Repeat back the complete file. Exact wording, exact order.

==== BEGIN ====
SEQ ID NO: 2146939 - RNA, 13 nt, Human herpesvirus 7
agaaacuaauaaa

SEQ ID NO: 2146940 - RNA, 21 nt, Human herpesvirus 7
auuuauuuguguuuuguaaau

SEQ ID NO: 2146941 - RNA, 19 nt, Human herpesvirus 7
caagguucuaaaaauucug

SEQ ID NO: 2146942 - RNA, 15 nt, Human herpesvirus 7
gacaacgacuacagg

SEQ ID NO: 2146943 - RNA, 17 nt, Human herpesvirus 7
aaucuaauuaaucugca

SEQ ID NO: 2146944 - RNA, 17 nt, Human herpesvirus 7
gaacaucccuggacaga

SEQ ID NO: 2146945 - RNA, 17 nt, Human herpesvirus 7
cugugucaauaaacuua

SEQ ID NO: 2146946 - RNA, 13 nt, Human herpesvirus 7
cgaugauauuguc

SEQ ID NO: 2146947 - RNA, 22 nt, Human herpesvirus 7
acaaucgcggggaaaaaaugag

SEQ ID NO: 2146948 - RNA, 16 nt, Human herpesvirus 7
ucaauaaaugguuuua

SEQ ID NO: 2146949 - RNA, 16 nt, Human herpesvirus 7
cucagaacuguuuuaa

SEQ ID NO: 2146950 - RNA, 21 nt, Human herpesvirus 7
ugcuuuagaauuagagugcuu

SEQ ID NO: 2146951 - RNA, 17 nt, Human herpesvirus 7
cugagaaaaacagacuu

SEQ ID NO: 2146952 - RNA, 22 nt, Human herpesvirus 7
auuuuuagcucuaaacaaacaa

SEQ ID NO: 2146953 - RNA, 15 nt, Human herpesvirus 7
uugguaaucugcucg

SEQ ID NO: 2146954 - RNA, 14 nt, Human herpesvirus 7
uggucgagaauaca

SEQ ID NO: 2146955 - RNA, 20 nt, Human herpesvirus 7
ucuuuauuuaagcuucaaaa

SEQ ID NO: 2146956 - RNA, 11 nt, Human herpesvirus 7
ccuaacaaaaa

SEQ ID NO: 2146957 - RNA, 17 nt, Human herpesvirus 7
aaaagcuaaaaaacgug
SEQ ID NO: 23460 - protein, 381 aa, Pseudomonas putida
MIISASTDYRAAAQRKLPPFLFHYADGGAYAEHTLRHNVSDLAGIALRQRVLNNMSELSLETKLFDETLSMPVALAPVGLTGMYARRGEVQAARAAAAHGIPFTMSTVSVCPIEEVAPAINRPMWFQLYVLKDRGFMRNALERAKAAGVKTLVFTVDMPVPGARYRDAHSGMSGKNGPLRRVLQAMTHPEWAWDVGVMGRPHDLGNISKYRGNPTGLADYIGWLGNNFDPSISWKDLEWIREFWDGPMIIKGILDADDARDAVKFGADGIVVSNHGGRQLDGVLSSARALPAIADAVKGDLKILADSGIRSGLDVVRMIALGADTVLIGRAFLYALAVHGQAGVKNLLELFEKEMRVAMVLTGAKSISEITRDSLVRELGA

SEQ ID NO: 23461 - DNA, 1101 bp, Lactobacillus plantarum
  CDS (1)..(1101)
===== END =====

SEQ ID NO: 2146939 - RNA, 13 nt, Human herpesvirus 7
agaaacuaauaaa

SEQ ID NO: 2146940 - RNA, 21 nt, Human herpesvirus 7
auuuauuuguguuuuguaaau

SEQ ID NO: 2146941 - RNA, 19 nt, Human herpesvirus 7
caagguucuaaaaauucug

SEQ ID NO: 2146942 - RNA, 15 nt, Human herpesvirus 7
gacaacgacuacagg

SEQ ID NO: 2146943 - RNA, 17 nt, Human herpesvirus 7
aaucuaauuaaucugca

SEQ ID NO: 2146944 - RNA, 17 nt, Human herpesvirus 7
gaacaucccuggacaga

SEQ ID NO: 2146945 - RNA, 17 nt, Human herpesvirus 7
cugugucaauaaacuua

SEQ ID NO: 2146946 - RNA, 13 nt, Human herpesvirus 7
cgaugauauuguc

SEQ ID NO: 2146947 - RNA, 22 nt, Human herpesvirus 7
acaaucgcggggaaaaaaugag

SEQ ID NO: 2146948 - RNA, 16 nt, Human herpesvirus 7
ucaauaaaugguuuua

SEQ ID NO: 2146949 - RNA, 16 nt, Human herpesvirus 7
cucagaacuguuuuaa

SEQ ID NO: 2146950 - RNA, 21 nt, Human herpesvirus 7
ugcuuuagaauuagagugcuu

SEQ ID NO: 2146951 - RNA, 17 nt, Human herpesvirus 7
cugagaaaaacagacuu

SEQ ID NO: 2146952 - RNA, 22 nt, Human herpesvirus 7
auuuuuagcucuaaacaaacaa

SEQ ID NO: 2146953 - RNA, 15 nt, Human herpesvirus 7
uugguaaucugcucg

SEQ ID NO: 2146954 - RNA, 14 nt, Human herpesvirus 7
uggucgagaauaca

SEQ ID NO: 2146955 - RNA, 20 nt, Human herpesvirus 7
ucuuuauuuaagcuucaaaa

SEQ ID NO: 2146956 - RNA, 11 nt, Human herpesvirus 7
ccuaacaaaaa

SEQ ID NO: 2146957 - RNA, 17 nt, Human herpesvirus 7
aaaagcuaaaaaacgug
SEQ ID NO: 23460 - protein, 381 aa, Pseudomonas putida
MIISASTDYRAAAQRKLPPFLFHYADGGAYAEHTLRHNVSDLAGIALRQRVLNNMSELSLETKLFDETLSMPVALAPVGLTGMYARRGEVQAARAAAAHGIPFTMSTVSVCPIEEVAPAINRPMWFQLYVLKDRGFMRNALERAKAAGVKTLVFTVDMPVPGARYRDAHSGMSGKNGPLRRVLQAMTHPEWAWDVGVMGRPHDLGNISKYRGNPTGLADYIGWLGNNFDPSISWKDLEWIREFWDGPMIIKGILDADDARDAVKFGADGIVVSNHGGRQLDGVLSSARALPAIADAVKGDLKILADSGIRSGLDVVRMIALGADTVLIGRAFLYALAVHGQAGVKNLLELFEKEMRVAMVLTGAKSISEITRDSLVRELGA

SEQ ID NO: 23461 - DNA, 1101 bp, Lactobacillus plantarum
  CDS (1)..(1101)